Cassianus, 2681 Scythian by race, ordained deacon by bishop John the Great, at Constantinople, and a presbyter at Marseilles, founded two monasteries, that is to say one for men and one for women, which are still p. 396 standing. He wrote from experience, and in forcible language, or to speak more clearly, with meaning back of his words, and action back of his talk. He covered the whole field of practical directions, for monks of all sorts, in the following works: On dress, also On the canon of prayers, and the Usage in the saying of Psalms, (for these in the Egyptian monasteries, are said day and night), three books. One of Institutes, eight books On the origin, nature and remedies for the eight principal sins, a book on each sin. He also compiled Conferences with the Egyptian fathers, as follows: On the aim of a monk and his creed, On discretion, On three vocations to the service of God, On the warfare of the flesh against the spirit and the spirit against the flesh, On the nature of all sins, On the slaughter of the saints, On fickleness of mind, On principalities, On the nature of prayer, On the duration of prayer, On perfection, On chastity, On the protection of God, On the knowledge of spiritual things, On the Divine graces, On friendship, On whether to define or not to define, On three ancient kinds of monks and a fourth recently arisen, On the object of cenobites and hermits, On true satisfaction in repentance, On the remission of the Quinquagesimal fast, On nocturnal illusions, On the saying of the apostles, “For the good which I would do, I do not, but the evil which I would not, that I do,” On mortification, and finally at the request of Leo the archdeacon, afterwards bishop of Rome, he wrote seven books against Nestorius, On the incarnation of the Lord, and writing this, made an end, both of writing and living, at Marseilles, in the reign of Theodosius and Valentinianus.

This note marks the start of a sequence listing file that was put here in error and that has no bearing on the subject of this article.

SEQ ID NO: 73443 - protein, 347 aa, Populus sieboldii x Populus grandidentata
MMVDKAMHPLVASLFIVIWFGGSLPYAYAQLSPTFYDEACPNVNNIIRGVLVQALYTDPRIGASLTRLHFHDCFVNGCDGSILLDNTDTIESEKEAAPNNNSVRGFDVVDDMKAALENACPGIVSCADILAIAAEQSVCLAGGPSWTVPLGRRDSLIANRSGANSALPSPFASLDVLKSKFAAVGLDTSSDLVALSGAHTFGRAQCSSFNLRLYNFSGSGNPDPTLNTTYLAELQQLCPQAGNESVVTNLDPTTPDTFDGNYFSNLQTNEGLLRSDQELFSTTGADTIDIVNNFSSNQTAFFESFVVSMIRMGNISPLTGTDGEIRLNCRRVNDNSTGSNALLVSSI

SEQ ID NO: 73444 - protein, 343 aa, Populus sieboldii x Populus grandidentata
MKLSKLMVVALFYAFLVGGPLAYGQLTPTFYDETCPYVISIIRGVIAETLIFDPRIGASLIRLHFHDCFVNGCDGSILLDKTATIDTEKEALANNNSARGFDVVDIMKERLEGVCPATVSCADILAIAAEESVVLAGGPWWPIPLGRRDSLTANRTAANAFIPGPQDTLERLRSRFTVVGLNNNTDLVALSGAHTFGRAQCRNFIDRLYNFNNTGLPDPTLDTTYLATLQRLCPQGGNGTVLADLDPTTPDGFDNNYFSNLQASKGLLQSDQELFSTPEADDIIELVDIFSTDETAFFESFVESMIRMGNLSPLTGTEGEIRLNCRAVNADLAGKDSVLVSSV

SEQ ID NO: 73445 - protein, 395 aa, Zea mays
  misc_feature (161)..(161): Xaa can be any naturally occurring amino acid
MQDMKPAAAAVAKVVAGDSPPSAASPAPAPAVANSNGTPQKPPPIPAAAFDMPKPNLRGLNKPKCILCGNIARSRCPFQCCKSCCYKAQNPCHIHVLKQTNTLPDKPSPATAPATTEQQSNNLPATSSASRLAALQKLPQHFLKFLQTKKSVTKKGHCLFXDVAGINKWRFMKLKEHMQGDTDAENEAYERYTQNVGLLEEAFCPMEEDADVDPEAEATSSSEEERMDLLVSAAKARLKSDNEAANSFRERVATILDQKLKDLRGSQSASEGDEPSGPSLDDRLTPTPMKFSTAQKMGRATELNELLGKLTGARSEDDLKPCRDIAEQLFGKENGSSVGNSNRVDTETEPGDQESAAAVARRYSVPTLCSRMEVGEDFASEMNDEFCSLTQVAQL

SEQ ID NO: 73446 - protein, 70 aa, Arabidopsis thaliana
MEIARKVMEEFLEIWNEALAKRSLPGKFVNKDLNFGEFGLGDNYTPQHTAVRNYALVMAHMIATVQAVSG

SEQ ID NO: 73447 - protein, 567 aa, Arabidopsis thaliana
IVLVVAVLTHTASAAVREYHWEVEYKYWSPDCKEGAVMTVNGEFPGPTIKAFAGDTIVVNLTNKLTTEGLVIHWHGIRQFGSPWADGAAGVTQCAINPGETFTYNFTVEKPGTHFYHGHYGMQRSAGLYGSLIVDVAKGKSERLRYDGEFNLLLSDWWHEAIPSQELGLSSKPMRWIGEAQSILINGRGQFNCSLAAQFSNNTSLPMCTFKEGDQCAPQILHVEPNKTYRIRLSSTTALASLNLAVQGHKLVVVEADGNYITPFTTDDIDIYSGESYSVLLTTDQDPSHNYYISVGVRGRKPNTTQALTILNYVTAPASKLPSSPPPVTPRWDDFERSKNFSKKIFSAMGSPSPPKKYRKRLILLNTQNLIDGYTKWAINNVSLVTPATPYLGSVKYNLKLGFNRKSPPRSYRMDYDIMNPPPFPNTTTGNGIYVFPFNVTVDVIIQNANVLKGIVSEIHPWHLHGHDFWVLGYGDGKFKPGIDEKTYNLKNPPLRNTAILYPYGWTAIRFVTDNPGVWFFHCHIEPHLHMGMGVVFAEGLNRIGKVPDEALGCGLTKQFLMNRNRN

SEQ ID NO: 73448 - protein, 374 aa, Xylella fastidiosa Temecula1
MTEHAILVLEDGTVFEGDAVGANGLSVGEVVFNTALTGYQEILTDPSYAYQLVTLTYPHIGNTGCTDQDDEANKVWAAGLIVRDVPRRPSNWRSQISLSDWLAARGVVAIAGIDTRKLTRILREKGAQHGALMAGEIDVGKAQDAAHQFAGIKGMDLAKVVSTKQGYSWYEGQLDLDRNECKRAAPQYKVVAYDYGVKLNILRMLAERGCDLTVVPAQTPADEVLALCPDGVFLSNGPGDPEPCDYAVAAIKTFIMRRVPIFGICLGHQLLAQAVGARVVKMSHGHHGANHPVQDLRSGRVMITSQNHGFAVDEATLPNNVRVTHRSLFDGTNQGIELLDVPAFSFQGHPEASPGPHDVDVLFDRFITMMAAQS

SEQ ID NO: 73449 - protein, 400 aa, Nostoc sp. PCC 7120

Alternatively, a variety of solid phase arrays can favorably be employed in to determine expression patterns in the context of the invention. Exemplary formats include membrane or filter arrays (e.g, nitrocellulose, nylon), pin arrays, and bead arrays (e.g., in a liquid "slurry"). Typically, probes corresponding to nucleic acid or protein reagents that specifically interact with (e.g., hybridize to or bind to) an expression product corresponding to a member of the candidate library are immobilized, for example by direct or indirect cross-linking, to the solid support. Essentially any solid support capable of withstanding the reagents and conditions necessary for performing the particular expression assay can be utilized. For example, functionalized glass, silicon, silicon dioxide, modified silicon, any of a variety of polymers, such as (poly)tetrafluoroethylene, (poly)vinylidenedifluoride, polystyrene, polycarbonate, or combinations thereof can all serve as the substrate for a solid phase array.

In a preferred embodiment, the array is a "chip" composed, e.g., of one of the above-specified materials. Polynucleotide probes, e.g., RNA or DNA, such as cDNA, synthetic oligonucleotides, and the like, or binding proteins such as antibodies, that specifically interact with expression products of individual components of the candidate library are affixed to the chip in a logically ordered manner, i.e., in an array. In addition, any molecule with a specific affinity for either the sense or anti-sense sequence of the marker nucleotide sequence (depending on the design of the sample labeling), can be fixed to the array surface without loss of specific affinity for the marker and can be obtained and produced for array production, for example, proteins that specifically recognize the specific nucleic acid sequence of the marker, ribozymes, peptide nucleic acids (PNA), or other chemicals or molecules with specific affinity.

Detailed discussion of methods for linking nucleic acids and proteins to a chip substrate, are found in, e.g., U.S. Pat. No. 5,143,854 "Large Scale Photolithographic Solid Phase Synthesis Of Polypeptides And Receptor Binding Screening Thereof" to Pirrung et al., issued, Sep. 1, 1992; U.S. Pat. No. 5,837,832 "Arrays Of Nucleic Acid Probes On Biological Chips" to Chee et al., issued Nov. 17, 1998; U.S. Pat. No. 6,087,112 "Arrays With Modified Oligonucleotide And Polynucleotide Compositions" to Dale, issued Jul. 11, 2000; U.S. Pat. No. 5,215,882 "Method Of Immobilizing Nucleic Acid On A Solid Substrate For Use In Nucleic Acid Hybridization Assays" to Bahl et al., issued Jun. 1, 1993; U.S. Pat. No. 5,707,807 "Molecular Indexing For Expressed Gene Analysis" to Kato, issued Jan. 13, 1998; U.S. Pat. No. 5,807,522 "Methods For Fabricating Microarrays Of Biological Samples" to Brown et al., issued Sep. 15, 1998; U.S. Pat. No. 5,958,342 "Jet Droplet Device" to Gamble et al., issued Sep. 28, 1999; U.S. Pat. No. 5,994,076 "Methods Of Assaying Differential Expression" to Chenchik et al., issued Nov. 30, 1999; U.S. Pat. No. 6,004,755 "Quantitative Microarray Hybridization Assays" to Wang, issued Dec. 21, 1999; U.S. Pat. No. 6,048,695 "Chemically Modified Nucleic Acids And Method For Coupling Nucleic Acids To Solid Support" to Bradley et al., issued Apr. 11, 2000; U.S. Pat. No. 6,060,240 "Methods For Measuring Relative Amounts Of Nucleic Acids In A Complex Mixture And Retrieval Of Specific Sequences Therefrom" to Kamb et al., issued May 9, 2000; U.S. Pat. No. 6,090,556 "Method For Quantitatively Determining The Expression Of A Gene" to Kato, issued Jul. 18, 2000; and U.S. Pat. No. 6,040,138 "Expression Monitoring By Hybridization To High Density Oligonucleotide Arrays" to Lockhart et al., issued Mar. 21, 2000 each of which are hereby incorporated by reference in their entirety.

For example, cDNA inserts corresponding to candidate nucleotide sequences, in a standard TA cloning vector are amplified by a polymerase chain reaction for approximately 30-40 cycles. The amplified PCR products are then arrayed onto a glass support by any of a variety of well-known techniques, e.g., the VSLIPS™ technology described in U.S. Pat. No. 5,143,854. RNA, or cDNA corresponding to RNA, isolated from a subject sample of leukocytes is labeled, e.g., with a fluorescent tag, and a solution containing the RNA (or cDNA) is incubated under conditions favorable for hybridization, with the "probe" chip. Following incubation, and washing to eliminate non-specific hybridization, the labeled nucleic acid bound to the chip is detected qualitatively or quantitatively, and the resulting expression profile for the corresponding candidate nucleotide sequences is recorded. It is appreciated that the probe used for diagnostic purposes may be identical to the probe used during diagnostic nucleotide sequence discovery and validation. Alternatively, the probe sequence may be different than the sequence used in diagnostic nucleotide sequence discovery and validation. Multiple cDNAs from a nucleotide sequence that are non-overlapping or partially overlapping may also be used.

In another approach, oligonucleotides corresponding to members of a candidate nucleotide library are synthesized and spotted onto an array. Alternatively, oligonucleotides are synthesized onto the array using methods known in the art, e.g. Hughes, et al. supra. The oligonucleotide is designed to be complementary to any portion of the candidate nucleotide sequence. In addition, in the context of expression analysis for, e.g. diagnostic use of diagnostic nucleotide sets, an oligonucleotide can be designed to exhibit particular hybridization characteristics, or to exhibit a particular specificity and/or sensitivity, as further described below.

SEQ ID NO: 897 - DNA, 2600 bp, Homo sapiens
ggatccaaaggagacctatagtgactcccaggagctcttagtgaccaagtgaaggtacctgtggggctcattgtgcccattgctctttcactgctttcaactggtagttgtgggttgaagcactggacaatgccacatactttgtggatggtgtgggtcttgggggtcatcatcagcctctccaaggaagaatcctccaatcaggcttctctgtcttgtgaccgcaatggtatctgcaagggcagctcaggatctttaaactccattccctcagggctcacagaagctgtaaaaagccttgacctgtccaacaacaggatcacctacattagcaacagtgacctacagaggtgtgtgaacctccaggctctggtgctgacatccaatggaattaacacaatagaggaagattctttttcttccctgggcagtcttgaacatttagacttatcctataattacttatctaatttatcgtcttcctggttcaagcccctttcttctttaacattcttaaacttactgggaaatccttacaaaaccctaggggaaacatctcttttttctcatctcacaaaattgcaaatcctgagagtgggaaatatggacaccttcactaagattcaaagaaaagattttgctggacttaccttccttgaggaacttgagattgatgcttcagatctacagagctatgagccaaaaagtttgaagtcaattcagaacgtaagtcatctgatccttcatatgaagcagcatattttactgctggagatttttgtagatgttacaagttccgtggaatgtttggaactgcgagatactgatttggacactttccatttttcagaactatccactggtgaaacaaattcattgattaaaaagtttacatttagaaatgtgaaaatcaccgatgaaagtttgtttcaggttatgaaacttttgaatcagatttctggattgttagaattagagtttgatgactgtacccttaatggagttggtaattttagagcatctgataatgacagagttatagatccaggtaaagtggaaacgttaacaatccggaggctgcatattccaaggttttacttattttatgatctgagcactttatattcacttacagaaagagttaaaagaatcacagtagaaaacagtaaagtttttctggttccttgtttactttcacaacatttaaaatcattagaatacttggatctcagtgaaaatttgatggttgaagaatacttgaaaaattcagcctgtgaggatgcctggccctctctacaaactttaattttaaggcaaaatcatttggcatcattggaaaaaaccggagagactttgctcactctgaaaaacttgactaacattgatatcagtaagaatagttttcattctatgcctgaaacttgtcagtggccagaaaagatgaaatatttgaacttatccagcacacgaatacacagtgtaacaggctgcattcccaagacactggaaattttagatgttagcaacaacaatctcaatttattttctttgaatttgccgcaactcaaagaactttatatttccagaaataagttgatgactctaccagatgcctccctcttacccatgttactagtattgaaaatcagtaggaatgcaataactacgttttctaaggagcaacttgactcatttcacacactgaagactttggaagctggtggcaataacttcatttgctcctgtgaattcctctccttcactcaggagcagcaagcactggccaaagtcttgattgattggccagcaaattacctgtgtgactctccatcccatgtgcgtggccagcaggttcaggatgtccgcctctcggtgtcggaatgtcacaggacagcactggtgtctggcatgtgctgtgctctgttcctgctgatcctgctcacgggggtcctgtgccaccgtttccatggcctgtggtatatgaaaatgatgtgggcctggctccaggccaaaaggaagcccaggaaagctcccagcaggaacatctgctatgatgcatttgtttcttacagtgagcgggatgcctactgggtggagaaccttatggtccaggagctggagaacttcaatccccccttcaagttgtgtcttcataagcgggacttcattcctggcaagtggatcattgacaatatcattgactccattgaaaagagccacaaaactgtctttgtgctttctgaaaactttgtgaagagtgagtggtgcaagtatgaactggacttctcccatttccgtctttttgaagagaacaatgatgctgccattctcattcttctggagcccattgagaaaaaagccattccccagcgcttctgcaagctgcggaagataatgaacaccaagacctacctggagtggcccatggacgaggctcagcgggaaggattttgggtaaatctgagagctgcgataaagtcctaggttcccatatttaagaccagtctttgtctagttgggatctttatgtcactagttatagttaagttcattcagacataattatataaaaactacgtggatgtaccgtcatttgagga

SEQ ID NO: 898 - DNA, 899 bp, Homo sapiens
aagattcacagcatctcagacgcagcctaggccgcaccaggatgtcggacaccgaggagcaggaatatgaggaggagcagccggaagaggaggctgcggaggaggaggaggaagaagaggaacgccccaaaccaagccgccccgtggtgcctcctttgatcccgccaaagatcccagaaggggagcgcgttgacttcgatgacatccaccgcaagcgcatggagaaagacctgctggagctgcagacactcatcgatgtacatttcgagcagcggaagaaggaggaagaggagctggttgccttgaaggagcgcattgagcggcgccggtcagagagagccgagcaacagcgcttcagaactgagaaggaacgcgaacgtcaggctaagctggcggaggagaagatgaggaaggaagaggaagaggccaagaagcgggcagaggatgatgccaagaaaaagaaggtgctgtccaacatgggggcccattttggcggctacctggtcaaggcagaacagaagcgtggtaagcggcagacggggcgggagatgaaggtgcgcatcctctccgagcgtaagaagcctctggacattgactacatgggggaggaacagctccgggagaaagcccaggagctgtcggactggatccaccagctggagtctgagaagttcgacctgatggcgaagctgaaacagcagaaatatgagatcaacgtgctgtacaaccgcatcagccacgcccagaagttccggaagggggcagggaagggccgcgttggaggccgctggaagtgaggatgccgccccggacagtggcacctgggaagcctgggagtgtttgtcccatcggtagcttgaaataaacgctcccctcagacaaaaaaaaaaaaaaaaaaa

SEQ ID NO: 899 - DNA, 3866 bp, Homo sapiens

Johannes Cassianus died 450.